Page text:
Constant Storyteller – interview with Hayley Hunkin (6 December 2009)

OLYMPUS DIGITAL CAMERAIntroduction

I came to know of Hayley’s work some time ago. I was very happy to note that she had written and published an ebook; I grabbed the opportunity and asked if she’d like to be interviewed. She agreed to my request and, therefore, without further ado, I have great pleasure in introducing to you, Hayley Hunkin …


Aneeta: Hayley, thank you for agreeing to this interview.

Hayley: It’s my pleasure.

Aneeta: Let’s start with simple questions like, where were you born? Where did you grow up and what was it like? What do you do live and what do you do for a living?

Hayley: I was born in Sydney, Australia and I still live there. However, I grew up in the western suburbs, where it was HOT! Now, I live right near the coast (in fact, across the road from the water!) and I love it. It’s usually several degrees cooler with the sea breezes. I live near Cronulla beach and it is a lovely place to live. I work two jobs at the moment and I love the variety of doing this. I work as a Training and Compliance Coordinator at the airport and I work as a freelance writer from home too. I love the freedom of writing when and where I want to!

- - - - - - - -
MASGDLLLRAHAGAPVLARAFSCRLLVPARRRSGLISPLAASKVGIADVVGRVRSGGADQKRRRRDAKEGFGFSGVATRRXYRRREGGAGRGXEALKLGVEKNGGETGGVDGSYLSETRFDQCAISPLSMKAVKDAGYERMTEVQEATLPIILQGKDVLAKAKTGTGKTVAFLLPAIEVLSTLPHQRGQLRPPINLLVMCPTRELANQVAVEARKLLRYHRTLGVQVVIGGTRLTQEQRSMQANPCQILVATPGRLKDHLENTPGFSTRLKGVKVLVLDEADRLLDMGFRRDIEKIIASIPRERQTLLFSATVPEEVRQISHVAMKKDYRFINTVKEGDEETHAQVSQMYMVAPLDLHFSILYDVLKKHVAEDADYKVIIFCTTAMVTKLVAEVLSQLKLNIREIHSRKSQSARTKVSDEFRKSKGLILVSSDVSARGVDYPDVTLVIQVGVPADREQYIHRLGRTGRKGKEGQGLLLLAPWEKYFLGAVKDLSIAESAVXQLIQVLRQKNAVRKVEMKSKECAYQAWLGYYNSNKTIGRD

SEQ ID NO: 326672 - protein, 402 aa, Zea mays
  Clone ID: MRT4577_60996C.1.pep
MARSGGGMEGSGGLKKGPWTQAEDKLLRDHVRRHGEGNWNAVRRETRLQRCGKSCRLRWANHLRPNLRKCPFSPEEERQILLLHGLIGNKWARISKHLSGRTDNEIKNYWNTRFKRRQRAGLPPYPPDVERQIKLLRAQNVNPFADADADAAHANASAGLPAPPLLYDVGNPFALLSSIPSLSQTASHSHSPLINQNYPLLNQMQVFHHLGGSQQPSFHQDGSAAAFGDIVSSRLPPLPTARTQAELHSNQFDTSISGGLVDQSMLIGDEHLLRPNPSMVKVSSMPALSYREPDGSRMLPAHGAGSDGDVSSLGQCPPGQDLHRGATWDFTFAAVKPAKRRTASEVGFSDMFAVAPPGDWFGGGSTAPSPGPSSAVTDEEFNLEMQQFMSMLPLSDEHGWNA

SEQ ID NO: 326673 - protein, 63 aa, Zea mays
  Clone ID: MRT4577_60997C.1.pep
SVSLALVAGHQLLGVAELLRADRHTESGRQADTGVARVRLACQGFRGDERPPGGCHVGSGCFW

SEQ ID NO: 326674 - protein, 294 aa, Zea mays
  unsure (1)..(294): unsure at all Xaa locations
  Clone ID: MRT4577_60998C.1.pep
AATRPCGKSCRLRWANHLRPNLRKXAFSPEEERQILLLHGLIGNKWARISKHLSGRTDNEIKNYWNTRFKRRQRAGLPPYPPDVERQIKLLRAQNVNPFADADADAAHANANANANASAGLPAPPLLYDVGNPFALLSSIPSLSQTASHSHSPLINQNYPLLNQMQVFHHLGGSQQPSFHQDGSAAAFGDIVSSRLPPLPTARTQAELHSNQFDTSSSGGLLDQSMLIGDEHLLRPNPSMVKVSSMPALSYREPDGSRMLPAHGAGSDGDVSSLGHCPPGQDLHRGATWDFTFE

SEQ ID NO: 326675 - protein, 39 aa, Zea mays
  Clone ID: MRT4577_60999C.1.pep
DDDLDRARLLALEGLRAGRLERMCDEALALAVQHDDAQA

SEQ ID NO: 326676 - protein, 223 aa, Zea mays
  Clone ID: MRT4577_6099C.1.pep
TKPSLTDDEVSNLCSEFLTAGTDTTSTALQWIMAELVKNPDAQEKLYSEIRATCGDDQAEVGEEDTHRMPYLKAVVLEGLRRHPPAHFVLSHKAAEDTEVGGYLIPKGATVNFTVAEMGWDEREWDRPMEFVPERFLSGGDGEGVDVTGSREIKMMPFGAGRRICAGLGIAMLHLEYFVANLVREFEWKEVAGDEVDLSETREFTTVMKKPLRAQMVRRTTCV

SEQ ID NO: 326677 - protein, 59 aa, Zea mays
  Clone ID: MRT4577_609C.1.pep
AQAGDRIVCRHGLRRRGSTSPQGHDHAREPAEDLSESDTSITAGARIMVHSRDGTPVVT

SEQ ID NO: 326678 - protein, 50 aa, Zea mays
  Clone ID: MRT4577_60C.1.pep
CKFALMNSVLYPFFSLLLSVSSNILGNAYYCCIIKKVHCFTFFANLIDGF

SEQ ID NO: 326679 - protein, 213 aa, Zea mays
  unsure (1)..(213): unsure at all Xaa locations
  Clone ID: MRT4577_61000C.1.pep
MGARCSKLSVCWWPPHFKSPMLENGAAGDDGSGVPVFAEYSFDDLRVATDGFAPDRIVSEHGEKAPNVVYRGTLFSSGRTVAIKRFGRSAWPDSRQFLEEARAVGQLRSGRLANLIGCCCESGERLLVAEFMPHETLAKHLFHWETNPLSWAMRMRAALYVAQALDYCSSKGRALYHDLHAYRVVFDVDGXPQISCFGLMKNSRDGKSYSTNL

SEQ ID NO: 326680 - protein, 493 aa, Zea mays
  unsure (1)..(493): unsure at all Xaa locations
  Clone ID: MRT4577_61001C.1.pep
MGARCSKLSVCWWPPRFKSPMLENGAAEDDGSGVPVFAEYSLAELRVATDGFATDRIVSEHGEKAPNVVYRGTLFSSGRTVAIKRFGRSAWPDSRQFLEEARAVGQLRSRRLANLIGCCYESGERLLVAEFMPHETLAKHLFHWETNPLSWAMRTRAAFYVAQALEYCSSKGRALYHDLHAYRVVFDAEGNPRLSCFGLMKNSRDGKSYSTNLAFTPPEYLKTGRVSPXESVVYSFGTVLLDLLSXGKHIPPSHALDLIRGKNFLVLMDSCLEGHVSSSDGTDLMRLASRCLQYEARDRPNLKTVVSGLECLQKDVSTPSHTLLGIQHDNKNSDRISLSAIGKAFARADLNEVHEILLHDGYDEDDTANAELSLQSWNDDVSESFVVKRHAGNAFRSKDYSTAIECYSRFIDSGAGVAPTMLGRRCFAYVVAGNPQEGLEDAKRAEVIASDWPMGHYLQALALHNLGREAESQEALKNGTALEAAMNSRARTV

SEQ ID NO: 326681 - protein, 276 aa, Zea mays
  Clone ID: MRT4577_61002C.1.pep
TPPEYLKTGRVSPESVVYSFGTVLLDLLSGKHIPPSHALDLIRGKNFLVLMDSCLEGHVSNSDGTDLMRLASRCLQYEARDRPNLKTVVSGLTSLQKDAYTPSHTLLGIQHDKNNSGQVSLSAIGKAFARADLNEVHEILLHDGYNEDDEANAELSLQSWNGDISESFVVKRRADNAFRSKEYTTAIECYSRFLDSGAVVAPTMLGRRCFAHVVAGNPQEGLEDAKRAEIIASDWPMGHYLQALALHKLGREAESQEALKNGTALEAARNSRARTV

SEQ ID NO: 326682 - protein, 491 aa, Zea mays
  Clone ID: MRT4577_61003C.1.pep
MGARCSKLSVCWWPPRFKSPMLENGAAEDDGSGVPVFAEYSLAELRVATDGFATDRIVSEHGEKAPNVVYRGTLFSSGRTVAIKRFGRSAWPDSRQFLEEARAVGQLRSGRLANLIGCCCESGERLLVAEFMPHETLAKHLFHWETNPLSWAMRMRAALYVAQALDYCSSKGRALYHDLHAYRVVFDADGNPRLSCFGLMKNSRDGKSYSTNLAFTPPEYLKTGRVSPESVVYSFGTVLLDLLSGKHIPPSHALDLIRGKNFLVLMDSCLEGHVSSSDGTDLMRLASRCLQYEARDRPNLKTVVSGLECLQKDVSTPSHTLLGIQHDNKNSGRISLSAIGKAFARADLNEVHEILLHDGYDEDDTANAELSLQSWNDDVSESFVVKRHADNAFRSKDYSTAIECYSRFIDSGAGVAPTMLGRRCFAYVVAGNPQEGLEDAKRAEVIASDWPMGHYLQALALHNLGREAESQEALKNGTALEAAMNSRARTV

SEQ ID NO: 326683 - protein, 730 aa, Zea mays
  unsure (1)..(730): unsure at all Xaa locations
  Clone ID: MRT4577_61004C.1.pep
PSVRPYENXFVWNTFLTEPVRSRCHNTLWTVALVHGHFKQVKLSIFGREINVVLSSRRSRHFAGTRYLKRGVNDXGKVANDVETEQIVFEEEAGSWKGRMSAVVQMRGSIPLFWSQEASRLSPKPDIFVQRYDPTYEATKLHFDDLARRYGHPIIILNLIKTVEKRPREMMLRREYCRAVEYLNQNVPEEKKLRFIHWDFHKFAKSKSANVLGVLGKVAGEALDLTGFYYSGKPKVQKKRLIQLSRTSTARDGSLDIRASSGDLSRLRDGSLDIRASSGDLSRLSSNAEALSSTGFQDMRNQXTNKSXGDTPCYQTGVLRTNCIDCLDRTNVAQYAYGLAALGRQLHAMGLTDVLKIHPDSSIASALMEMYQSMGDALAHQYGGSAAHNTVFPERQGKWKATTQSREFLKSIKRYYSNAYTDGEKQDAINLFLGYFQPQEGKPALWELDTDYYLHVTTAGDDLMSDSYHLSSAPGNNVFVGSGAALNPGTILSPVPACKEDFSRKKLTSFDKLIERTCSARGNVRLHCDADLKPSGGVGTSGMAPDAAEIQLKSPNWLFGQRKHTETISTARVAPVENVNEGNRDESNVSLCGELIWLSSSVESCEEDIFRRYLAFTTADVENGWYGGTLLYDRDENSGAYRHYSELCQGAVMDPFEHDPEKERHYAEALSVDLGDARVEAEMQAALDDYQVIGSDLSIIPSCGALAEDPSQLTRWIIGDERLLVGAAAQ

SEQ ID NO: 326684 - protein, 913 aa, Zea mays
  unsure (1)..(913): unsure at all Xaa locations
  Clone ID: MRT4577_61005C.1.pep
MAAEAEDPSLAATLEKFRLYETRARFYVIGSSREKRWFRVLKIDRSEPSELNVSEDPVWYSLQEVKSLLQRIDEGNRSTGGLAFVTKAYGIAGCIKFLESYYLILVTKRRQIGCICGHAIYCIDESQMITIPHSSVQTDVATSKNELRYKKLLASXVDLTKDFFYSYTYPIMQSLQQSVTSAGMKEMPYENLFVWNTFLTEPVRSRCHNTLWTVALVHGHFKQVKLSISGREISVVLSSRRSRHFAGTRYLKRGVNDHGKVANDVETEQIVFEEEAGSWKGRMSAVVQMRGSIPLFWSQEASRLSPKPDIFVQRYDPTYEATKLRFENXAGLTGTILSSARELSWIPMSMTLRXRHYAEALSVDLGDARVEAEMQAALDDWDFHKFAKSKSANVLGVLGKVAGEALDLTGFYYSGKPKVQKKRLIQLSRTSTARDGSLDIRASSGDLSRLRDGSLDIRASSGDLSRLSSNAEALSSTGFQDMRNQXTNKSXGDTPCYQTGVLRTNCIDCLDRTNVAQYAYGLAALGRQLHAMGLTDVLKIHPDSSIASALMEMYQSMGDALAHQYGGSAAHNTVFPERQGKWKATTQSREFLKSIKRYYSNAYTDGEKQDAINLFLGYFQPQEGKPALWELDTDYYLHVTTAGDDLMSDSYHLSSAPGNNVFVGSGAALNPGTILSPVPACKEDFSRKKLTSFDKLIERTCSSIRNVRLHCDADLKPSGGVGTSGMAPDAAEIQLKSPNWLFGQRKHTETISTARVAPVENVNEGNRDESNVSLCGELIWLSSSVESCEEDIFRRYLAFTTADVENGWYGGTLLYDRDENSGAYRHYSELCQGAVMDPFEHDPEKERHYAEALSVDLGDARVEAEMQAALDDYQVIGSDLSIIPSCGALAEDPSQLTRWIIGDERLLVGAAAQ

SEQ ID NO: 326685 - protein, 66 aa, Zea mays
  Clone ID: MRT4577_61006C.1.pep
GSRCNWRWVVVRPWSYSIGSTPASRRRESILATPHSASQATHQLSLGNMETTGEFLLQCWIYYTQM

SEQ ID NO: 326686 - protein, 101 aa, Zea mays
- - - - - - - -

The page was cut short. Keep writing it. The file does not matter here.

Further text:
Aneeta: I understand that you’re very involved with a website called Constant Content. Can you please explain what this website is about and what is your involvement in it?

Hayley: Constant Content is a terrific site for freelance writers. You can write articles on whatever topics you think will sell and price the articles at whatever price you want. If you can write unique, quality articles for websites and magazines, you can make a decent income from
Constant Content. I have been writing there for over a year and I love it! I generally make between $300 and $800 every month (and that’s part-time!). I can make so much, because the articles sell for $30 to $100, which is higher than many other article sites, such as Associated Content. Because Constant Content markets to the high end of the consumer market for articles, authors can sell articles at much higher prices than you can get elsewhere. Constant Content also accepts authors from all over the world, as long as the English writing is grammatically correct.